Many of the most stunning ancient temples are still standing today from the early days of humanity. Given the importance of religion in ancient civilizations, it’s not unexpected that these spiritual locations were constructed using cutting-edge architectural advances and are large in scale.
Many of these sites are still shrouded in mystery regarding their former uses and creators, whereas others are extensively documented and have been studied for over a century. Fortunately for architecture and history aficionados, some of the world’s oldest temples can still be visited today.
Temple of Hatshepsut
Egypt. Around 1,470 B.C., it was built. This ancient archaeological shrine in Egypt, also known as Djoser-Djeseru, was created by Pharaoh Hatshepsut’s royal architect, Senenmut, and is distinguished by its long colonnade and several terraces. Although many of the original statues and artefacts at the site have been stolen or destroyed over the years, the relief representing the divine birth of a female pharaoh is still in place. In the seventh century A.D., a monastery was built on top of the temple. The first large-scale excavation of the site occurred in the 1890s, and Egyptologist Herbert E. Winlock of the Metropolitan Museum of Art directed excavation and restoration of the site from 1923 to 1931.
Temple of Amada
Nubia. Built throughout the 18th and 19th dynasties (Between 1,550 and 1,189 B.C.) Originally built on the east bank of the Nile, this temple, Nubia’s oldest, was relocated in the 1960s and 1970s to a new, higher location on Lake Nasser to protect it from inundation. Christiane Desroches Noblecourt, a French Egyptologist, oversaw the endeavour, which included a number of Nubian temples and historic monuments. The most prominent elements of the temple are a well-preserved relief and two significant inscriptions detailing the military achievements of the pharaohs who erected the temple, Tuthmosis III and his son Amenhotep II.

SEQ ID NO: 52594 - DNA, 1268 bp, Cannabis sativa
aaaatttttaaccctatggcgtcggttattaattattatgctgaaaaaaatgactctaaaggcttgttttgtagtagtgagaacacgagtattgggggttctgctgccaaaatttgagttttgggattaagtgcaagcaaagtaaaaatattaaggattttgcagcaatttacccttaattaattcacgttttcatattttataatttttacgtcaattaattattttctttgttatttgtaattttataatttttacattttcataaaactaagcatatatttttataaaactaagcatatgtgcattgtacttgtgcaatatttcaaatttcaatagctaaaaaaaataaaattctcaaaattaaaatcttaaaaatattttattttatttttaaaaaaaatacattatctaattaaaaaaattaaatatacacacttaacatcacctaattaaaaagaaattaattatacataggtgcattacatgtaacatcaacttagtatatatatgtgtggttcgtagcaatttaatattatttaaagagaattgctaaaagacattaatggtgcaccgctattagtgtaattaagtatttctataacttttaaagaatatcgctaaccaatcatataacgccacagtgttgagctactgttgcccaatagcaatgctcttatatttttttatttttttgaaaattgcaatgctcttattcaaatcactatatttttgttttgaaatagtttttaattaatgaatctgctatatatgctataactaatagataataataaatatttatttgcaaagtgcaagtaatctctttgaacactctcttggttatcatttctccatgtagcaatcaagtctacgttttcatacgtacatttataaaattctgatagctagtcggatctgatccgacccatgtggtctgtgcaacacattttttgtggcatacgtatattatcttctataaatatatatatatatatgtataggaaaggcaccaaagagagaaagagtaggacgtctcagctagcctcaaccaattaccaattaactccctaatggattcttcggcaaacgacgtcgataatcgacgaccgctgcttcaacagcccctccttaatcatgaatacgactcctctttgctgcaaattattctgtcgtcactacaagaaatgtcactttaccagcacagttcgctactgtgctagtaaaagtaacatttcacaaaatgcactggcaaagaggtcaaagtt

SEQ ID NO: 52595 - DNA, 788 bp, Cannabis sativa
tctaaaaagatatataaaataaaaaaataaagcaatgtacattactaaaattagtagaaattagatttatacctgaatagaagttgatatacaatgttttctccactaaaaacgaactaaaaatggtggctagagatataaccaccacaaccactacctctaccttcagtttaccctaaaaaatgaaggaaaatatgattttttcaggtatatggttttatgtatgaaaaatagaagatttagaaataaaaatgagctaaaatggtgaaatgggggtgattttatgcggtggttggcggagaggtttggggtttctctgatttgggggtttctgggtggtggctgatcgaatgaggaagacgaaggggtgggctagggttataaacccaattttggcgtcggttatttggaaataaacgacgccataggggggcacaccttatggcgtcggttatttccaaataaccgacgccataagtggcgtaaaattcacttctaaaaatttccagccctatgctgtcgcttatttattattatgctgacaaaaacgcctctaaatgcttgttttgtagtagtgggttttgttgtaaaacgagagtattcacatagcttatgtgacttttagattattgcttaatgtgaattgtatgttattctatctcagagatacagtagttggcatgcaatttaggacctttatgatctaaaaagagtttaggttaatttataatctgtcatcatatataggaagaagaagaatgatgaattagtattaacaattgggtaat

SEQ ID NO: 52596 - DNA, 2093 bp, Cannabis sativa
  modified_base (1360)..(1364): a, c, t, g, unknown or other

Turkey. Built around 10,000 B.C. It is thought that prehistoric humans built a spectacular stone temple on a hilltop in southeastern Turkey 6,000 years before Stonehenge. The site, known as Göbekli Tepe, was previously ignored by anthropologists who thought it was a mediaeval tomb. However, in 2008, German archaeologist Klaus Schmidt discovered that Göbekli Tepe is, in fact, the world’s oldest known temple. For unexplained reasons, the site was purposely buried circa 8,000 B.C., allowing the structures to be preserved for future discovery and study.
Egypt. Between 1,100 and 1,600 B.C., it was built. This Ancient Egyptian temple on the Nile’s east bank has been a place of devotion for approximately 3,500 years. The site is famous for its sphinx avenue and the towering Pylon of Ramses II. The temple was built throughout the reigns of numerous pharaohs, notably Amenhotep III, Ramses II, and Tutankhamen, who is credited with much of its embellishment. The Luxor Temple was dedicated to Amun, the monarch of the gods, as well as the mother goddess Mut and Khonsu, the deity of the moon and time, and, was the largest and most important site in ancient Egypt.
Hypogeum of Ħal-Saflieni
Malta is the location. Around 2,500 B.C., it was built. The Hypogeum in Malta, unlike the other temples on our list, was built underground. This massive subterranean labyrinth, a UNESCO World Heritage Site, features false windows, trilithon doors, ornate red ocher murals, and carved-stone ceiling embellishments that simulate corbeled masonry. The Hypogeum was uncovered during construction in 1902 and was originally excavated in 1903. The site was closed for conservation between 1990 and 2000, and while it has reopened to the public, only 80 people are permitted each day.